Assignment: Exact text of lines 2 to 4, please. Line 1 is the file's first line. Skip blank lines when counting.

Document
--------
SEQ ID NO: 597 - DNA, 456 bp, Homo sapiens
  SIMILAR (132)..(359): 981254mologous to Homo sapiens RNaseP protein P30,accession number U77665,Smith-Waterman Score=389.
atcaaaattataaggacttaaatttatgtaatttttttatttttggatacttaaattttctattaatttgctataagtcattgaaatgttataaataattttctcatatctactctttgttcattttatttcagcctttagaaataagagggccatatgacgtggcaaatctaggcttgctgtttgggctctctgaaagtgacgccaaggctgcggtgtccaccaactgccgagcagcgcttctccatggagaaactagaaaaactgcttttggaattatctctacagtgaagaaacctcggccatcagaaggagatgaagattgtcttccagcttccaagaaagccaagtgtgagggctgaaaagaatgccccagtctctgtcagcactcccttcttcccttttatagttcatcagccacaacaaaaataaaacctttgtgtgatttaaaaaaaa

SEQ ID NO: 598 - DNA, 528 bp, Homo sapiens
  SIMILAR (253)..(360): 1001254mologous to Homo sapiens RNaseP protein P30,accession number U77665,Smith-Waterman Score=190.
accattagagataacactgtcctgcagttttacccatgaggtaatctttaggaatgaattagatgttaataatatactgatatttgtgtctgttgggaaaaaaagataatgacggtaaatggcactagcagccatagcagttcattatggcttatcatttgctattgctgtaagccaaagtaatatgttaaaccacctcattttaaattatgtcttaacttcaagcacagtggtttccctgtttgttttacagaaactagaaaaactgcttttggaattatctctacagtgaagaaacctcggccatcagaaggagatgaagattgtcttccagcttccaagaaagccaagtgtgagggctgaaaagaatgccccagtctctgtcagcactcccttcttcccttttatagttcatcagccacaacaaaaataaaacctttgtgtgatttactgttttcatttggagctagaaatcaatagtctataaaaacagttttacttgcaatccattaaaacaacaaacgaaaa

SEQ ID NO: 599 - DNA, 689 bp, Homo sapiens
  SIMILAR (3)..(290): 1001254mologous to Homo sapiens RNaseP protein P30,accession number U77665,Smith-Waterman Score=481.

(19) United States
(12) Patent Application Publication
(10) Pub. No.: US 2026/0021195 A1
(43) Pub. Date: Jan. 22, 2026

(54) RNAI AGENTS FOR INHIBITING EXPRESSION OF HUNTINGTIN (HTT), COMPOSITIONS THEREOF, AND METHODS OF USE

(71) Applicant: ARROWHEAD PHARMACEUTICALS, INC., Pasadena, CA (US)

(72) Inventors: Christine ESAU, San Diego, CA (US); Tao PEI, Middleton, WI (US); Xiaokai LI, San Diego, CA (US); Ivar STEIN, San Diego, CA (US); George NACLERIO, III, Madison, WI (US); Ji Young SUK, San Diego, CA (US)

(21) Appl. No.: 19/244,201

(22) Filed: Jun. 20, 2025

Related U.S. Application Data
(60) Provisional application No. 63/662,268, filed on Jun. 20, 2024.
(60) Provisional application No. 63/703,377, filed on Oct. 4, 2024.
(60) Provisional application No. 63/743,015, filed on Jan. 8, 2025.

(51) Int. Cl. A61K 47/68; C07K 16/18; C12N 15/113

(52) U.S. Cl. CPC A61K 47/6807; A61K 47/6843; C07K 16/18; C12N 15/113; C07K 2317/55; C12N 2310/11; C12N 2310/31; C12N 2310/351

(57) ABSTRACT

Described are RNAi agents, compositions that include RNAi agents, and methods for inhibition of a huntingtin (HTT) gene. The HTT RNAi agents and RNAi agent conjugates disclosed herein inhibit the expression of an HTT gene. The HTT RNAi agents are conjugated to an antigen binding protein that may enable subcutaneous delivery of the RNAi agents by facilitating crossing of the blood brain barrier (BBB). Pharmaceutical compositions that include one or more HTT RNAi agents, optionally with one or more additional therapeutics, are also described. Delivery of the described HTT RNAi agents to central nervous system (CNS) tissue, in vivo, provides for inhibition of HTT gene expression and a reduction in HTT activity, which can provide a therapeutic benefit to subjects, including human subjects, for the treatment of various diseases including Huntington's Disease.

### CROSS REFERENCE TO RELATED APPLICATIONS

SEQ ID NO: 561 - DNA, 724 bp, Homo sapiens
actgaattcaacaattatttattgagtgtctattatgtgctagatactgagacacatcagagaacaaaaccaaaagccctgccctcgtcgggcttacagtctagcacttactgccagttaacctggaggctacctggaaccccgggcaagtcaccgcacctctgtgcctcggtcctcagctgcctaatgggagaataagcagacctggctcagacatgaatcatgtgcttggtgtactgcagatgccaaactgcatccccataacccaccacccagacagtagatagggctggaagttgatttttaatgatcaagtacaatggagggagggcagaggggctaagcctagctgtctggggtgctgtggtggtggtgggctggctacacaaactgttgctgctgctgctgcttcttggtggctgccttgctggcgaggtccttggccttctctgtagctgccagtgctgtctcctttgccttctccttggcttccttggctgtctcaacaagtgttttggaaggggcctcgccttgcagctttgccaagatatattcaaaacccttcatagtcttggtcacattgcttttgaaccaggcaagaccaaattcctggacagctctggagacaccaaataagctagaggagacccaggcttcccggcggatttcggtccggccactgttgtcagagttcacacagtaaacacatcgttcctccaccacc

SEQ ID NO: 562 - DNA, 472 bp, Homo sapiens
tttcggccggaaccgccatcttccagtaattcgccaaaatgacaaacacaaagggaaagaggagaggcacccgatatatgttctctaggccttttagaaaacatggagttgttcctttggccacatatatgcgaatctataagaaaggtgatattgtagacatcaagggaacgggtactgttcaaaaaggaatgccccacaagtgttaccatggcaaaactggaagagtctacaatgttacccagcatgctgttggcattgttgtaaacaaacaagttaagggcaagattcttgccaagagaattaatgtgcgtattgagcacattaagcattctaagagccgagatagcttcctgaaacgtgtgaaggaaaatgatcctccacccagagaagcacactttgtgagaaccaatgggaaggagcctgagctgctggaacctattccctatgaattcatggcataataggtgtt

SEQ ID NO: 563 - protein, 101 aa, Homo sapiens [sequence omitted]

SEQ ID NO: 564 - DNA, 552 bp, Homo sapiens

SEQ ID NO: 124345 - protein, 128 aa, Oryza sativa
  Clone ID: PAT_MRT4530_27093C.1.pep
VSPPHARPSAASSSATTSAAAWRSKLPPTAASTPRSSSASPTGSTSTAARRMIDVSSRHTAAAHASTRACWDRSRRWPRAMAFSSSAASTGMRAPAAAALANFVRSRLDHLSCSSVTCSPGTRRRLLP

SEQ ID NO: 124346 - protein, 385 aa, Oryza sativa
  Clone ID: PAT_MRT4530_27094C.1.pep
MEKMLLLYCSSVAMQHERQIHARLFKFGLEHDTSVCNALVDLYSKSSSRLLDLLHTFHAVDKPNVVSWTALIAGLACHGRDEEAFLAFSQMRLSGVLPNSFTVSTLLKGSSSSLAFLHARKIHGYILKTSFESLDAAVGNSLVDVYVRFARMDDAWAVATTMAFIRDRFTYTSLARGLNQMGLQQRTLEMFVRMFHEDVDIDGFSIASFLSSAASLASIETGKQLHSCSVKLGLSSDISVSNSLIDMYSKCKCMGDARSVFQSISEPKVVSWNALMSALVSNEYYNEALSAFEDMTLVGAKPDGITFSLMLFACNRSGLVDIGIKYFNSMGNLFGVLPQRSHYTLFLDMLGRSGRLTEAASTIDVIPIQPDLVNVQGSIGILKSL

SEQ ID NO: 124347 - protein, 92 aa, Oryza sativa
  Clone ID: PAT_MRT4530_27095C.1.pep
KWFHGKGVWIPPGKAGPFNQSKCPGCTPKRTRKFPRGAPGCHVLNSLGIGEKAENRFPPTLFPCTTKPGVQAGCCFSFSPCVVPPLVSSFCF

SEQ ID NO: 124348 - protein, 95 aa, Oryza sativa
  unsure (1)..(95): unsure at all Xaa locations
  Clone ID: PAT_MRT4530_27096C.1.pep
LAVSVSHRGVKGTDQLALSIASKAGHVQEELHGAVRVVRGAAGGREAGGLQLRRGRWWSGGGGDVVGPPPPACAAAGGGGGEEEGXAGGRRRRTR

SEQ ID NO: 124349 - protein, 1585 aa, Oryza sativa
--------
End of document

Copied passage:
  SIMILAR (132)..(359): 981254mologous to Homo sapiens RNaseP protein P30,accession number U77665,Smith-Waterman Score=389.
atcaaaattataaggacttaaatttatgtaatttttttatttttggatacttaaattttctattaatttgctataagtcattgaaatgttataaataattttctcatatctactctttgttcattttatttcagcctttagaaataagagggccatatgacgtggcaaatctaggcttgctgtttgggctctctgaaagtgacgccaaggctgcggtgtccaccaactgccgagcagcgcttctccatggagaaactagaaaaactgcttttggaattatctctacagtgaagaaacctcggccatcagaaggagatgaagattgtcttccagcttccaagaaagccaagtgtgagggctgaaaagaatgccccagtctctgtcagcactcccttcttcccttttatagttcatcagccacaacaaaaataaaacctttgtgtgatttaaaaaaaa

SEQ ID NO: 598 - DNA, 528 bp, Homo sapiens